Talberth walked into the pen, his face screwed up into a pained and gasping visage as he inhaled the almost tangible stench, but with a choking incantation he cast his spell and the dangling rope began to rise.

* * *

Harold wrapped the scented handkerchief of Ivo's around his face like some bandit from the northlands, but still the garbage chute's smell worked its way past the residue of herbs and made the small thief clench his face, soured by the stench. The chute was long and the magic ascent not as quick as Harold would have liked, but it ended without warning, though not half too soon. A wooden board sealed off the opening, far too heavy for the small halfling to budge.

"Just great," muttered Harold. "This wasn't on your map Telenstil. What to do, what to do." The thief had several magic spikes and used them to sink the line secure into the chute's wall. He gave the rope a tug and waited for some help to climb up.

Edouard felt the line become taught and then the tugs. "He's at the top," he told the others.

"Good," said Telenstil. "Edouard, please, you and your brother, go up next, then begin to draw the rest of us up."

The scout said nothing but grabbed the rope and pulled himself up without any help; hand over hand he climbed into the dark and stinking chute. Derue held the rope and watched his brother disappear up into the gaping hole. The walls were slick, Edouard's feet slipped off when he tried to brace his leg; he had to use just the strength of arms and shoulders to raise himself. He cursed silently and felt the burn of muscles as he climbed. Finally he reached out and found the spikes set in the wall. "Thief!" he hissed. "Thief, where are you?"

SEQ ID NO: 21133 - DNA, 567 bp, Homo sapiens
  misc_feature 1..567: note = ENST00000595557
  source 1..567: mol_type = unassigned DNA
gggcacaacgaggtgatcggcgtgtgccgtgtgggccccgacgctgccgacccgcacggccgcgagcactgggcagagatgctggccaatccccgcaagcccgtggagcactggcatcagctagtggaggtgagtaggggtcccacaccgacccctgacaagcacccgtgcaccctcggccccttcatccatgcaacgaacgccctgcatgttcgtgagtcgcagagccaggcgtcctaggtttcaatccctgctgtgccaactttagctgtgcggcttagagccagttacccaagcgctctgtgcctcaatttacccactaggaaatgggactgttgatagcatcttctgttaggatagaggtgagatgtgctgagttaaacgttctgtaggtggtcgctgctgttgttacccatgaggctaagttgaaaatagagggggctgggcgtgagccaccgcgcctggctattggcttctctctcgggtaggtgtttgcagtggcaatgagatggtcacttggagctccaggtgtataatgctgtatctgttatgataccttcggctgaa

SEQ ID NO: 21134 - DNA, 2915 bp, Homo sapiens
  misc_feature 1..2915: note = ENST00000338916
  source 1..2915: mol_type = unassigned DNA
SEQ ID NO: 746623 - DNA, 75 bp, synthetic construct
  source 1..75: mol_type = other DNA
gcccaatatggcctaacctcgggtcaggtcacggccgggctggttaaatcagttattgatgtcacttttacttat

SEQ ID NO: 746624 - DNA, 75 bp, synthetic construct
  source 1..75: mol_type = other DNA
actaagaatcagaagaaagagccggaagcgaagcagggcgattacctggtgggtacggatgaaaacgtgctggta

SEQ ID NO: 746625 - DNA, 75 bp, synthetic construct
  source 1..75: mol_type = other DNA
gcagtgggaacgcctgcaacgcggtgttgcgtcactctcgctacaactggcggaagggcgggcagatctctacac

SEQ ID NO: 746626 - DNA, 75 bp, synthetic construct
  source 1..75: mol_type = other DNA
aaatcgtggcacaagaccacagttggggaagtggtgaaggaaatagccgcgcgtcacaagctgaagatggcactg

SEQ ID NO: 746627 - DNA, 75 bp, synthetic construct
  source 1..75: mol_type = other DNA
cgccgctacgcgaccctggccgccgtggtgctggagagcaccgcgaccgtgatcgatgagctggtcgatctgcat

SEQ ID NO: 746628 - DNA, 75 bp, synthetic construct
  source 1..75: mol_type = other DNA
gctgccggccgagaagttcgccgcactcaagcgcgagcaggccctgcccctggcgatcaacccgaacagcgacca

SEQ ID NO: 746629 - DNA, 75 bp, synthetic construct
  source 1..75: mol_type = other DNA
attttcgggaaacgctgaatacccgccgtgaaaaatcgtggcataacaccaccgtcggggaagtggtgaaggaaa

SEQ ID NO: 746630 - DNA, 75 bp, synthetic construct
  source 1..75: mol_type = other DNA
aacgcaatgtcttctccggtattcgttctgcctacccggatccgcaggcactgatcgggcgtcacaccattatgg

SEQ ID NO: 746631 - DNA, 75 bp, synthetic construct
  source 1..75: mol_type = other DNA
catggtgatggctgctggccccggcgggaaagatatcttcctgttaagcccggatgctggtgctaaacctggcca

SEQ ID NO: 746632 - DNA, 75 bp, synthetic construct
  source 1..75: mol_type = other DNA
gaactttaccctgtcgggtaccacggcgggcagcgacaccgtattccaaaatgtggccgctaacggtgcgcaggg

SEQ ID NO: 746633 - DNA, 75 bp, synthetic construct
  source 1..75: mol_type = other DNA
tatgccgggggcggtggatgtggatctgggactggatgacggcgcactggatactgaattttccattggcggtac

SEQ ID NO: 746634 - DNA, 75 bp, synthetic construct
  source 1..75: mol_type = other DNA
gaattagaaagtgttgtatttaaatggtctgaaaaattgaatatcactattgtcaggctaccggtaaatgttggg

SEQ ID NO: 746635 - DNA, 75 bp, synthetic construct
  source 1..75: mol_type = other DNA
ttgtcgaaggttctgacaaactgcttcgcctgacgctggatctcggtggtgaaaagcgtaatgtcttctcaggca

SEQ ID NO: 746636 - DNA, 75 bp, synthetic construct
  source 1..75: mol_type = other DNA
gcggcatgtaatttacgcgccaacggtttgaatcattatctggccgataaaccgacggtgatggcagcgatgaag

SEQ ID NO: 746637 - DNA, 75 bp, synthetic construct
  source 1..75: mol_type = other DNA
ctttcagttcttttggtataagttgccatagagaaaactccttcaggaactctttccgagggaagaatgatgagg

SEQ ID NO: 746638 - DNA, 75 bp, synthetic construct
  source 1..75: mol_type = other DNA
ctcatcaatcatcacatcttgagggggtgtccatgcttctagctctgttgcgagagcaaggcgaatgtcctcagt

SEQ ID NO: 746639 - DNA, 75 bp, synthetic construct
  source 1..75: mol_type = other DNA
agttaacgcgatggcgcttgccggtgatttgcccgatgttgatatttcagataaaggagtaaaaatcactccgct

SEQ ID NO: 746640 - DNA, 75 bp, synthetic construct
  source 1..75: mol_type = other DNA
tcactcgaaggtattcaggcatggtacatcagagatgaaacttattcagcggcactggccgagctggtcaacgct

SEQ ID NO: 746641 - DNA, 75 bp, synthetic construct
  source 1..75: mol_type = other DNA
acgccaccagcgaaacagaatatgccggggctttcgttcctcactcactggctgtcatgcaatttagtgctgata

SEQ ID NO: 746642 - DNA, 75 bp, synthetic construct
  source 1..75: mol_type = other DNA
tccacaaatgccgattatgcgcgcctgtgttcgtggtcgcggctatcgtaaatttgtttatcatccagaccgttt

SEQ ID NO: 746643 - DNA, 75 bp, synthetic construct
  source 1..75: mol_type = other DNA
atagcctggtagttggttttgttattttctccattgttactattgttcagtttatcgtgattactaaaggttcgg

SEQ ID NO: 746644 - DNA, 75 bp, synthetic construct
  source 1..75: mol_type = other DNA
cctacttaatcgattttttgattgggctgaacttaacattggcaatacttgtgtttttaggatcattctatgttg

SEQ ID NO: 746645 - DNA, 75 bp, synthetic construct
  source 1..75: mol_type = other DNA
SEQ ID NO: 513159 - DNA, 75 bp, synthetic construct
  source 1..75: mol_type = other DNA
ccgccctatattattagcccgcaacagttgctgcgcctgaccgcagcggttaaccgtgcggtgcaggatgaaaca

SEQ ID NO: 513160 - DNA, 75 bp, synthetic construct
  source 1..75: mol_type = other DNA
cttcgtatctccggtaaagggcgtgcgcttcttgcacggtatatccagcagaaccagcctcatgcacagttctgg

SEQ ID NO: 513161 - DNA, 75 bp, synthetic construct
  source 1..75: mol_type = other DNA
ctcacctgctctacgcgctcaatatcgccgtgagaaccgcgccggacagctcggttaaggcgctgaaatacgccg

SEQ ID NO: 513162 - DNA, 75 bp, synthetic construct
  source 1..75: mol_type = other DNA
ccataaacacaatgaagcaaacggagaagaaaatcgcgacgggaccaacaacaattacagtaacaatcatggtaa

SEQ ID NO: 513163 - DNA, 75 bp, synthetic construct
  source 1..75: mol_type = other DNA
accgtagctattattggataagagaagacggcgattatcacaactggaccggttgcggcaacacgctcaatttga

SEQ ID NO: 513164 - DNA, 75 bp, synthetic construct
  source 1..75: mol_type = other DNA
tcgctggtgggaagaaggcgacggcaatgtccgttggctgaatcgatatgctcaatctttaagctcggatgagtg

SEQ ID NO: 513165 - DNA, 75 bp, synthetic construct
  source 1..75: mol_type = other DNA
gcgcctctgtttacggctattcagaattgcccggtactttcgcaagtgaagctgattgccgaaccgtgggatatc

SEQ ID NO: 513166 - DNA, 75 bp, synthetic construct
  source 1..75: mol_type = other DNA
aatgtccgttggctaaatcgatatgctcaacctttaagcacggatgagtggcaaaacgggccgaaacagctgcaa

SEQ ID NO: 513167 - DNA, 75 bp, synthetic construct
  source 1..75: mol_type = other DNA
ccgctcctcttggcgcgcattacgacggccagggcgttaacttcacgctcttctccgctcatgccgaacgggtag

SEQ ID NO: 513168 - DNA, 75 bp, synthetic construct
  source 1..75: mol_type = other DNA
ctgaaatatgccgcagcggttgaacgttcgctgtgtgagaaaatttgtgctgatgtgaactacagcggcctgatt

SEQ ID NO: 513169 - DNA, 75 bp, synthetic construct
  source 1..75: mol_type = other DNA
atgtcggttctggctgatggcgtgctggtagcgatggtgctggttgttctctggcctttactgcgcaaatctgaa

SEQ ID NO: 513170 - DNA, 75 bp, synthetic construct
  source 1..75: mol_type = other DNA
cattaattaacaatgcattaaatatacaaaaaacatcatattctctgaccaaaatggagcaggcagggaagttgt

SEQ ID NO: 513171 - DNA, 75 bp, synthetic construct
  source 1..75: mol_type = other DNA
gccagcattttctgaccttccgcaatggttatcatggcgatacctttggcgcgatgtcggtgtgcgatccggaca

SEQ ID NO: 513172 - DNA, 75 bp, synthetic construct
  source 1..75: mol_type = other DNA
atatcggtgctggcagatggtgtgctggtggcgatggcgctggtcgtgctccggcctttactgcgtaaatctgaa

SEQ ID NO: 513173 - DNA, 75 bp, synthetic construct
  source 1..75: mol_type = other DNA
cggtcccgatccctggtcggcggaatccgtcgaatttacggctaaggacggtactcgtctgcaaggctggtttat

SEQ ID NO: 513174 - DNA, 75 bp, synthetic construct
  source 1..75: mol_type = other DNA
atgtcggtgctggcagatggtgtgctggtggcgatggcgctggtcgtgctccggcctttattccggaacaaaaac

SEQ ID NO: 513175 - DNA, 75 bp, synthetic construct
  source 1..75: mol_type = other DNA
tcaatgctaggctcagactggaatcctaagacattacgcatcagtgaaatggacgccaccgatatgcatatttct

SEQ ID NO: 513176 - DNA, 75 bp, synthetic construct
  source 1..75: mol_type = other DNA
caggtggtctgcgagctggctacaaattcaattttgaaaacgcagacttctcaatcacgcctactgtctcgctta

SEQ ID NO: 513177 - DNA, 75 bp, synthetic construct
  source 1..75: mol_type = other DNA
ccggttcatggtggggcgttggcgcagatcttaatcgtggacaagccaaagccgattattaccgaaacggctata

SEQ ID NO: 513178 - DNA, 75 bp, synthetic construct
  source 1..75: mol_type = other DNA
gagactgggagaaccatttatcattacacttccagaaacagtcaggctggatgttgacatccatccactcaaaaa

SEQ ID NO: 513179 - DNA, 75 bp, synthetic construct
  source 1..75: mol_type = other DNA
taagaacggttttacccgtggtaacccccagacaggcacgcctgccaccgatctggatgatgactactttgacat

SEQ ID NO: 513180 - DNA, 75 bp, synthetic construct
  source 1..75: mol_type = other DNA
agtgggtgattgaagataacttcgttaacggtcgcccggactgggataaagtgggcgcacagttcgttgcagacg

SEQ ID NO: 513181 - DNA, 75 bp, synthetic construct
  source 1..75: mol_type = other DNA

"Right here," a small quiet voice whispered from nearby.

"What is this, where is the opening?" Edouard whispered back.

"Above your head," Harold's voice said from the empty space nearby. "There's a wooden board, or lid or something, but I can't lift it."

Edouard reached out and felt the rough wooden lid; he pushed it with one hand but could not exert much strength. It did not budge.

"Wait, I'll put a spike near your feet," said Harold.

"Do it quick!" Edouard hissed at the thief. "And put it so that I can use my back against this board."

Harold did not like the scout's commanding tone, but their position at the top of the shaft was awkward and he could not move the board without the mercenary's help. He set another magic spike in the wall to act as a footstep for the scout then pushed off to get safely out of the man's way.

With his shoulder against the board and his foot pushing against the spike, Edouard slowly moved the board aside. It scraped loudly across the lid of stone and a dim light came rushing in that chased away the dark. Edouard put his head above the rim and looked out across the room. All he could see were table legs, huge wooden chests and dirty sacks.

"Get down," said Harold. "Let me look around first, they may spot you."

"Bah," said Edouard. "No one is around." He pulled himself up and out onto the cold stone floor. A pair of orcs came rushing by and stood frozen with shock staring at the human who had just jumped from the garbage chute. "Oh damn," Edouard cursed and drew his sword.

"What's going on?" Harold heard the mercenary curse but did not see the orcs from where he sat on the wooden lid.